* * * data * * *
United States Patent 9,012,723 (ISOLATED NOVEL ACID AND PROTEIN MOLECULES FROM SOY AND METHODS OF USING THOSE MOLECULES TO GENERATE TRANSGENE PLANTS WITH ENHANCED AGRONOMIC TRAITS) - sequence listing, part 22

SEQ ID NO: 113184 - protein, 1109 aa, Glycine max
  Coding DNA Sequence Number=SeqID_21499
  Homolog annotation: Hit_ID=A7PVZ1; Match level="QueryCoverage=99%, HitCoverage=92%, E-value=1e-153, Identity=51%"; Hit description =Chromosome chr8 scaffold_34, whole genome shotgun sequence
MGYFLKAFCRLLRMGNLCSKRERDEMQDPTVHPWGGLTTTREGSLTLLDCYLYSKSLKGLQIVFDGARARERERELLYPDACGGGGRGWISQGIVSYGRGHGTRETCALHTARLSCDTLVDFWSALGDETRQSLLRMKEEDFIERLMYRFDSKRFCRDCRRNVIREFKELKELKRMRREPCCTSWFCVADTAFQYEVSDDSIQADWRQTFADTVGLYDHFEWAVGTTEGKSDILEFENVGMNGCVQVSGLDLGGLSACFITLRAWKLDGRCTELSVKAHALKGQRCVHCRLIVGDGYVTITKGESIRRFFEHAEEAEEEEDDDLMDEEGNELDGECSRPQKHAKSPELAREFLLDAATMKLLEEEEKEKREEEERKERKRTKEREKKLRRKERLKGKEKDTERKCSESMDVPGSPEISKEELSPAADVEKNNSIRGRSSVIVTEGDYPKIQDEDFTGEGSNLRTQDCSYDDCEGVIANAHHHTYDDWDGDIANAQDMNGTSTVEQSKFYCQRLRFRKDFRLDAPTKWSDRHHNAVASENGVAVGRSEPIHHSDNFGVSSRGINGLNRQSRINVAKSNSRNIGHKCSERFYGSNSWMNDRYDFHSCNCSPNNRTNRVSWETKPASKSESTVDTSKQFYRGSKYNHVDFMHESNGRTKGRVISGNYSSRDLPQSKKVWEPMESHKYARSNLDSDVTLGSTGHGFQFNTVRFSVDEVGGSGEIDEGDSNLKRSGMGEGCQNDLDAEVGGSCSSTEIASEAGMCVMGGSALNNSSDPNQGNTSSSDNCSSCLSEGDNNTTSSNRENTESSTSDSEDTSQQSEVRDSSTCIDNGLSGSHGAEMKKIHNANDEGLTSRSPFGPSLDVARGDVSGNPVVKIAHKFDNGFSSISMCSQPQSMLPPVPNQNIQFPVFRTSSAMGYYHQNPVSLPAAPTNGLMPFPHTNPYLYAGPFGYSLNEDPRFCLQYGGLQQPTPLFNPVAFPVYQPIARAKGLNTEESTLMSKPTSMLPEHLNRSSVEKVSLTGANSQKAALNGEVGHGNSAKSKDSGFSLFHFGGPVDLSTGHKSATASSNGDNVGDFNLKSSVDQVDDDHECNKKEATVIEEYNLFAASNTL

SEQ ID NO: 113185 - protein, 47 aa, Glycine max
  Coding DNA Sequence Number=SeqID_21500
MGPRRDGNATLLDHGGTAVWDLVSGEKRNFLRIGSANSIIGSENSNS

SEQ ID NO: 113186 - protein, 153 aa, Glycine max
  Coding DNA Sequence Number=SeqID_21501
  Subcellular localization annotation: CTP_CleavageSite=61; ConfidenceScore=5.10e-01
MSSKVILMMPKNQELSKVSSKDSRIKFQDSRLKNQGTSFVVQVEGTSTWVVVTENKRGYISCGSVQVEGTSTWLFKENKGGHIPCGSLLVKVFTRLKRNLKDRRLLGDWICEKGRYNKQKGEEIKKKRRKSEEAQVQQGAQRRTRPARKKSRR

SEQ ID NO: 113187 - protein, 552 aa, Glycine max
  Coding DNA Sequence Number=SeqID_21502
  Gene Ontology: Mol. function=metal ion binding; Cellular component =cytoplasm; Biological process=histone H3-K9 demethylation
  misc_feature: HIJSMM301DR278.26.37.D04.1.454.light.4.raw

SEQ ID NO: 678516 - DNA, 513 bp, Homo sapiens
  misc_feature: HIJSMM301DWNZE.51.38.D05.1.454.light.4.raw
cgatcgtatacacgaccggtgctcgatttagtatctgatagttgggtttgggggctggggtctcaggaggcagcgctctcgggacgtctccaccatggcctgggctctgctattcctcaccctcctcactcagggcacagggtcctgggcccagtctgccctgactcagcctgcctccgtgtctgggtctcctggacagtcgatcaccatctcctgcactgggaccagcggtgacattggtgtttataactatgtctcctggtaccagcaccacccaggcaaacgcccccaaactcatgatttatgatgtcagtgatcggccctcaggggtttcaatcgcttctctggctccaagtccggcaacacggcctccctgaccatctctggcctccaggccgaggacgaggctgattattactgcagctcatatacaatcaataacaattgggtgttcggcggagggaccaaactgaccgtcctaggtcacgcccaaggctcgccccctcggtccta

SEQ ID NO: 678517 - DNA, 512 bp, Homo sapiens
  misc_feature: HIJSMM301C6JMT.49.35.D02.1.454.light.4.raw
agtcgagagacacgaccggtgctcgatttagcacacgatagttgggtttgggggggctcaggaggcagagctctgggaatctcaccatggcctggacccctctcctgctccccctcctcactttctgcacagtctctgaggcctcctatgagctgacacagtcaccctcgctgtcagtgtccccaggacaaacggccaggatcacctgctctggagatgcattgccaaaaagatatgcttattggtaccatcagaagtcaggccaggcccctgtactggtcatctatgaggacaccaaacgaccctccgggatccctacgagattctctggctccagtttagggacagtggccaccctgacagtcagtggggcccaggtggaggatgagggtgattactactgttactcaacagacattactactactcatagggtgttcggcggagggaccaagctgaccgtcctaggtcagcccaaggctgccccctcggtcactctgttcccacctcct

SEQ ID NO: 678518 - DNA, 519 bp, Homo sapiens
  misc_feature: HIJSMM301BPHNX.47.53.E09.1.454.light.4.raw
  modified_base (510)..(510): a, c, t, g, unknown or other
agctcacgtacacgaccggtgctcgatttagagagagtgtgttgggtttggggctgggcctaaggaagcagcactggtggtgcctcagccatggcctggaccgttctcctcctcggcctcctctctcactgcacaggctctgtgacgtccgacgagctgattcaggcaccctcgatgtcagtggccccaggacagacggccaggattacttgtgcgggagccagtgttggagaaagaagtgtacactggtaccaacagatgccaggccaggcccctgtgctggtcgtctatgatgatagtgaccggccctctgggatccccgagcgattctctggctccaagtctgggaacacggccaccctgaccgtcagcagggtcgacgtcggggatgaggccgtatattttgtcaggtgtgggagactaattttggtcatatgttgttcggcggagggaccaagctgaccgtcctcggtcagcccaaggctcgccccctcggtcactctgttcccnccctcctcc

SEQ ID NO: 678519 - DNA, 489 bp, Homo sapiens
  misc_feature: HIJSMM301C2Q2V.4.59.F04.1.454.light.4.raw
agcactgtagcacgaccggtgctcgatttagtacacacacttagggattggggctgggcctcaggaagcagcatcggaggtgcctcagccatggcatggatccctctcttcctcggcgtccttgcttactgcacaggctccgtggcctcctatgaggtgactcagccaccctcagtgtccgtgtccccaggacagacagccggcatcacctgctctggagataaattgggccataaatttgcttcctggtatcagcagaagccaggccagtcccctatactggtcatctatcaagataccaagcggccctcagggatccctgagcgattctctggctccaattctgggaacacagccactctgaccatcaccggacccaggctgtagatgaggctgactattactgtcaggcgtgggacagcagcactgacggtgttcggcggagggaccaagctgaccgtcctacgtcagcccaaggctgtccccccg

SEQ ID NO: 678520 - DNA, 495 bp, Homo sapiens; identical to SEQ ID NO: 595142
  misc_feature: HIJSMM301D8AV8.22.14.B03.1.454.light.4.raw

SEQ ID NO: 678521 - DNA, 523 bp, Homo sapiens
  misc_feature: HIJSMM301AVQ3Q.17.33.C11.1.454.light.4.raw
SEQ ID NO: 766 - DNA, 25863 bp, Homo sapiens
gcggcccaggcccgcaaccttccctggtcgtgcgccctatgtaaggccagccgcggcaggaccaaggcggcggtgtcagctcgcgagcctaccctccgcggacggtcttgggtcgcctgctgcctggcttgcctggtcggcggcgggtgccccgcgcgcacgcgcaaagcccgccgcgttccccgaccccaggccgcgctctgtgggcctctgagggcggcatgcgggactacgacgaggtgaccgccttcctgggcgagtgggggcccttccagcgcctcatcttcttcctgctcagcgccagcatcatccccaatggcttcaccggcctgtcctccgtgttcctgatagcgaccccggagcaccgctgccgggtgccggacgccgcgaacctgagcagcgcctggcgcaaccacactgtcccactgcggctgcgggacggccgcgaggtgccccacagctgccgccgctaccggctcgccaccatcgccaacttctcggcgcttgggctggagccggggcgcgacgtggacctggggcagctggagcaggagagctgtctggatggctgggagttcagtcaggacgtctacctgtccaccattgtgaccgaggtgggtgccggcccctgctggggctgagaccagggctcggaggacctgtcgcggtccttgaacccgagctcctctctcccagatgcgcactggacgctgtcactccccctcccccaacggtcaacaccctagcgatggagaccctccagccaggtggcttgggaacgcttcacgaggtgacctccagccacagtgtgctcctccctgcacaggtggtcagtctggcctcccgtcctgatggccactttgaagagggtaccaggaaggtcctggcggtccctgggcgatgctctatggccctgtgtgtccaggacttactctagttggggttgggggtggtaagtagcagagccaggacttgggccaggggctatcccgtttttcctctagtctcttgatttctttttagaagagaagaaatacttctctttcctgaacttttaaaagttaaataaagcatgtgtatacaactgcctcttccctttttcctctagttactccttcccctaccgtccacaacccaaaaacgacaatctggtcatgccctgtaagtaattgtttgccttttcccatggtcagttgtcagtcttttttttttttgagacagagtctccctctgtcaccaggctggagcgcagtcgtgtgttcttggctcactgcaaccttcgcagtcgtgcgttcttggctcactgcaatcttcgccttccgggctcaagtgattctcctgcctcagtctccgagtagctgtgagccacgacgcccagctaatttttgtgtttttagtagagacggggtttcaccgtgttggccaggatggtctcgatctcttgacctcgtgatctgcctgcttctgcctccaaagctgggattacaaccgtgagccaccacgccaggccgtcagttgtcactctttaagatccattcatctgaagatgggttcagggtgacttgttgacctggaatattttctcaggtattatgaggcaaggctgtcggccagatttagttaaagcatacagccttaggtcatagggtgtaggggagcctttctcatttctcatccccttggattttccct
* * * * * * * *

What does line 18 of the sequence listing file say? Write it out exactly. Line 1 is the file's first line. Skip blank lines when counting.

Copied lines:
  misc_feature: HIJSMM301DWNZE.51.38.D05.1.454.light.4.raw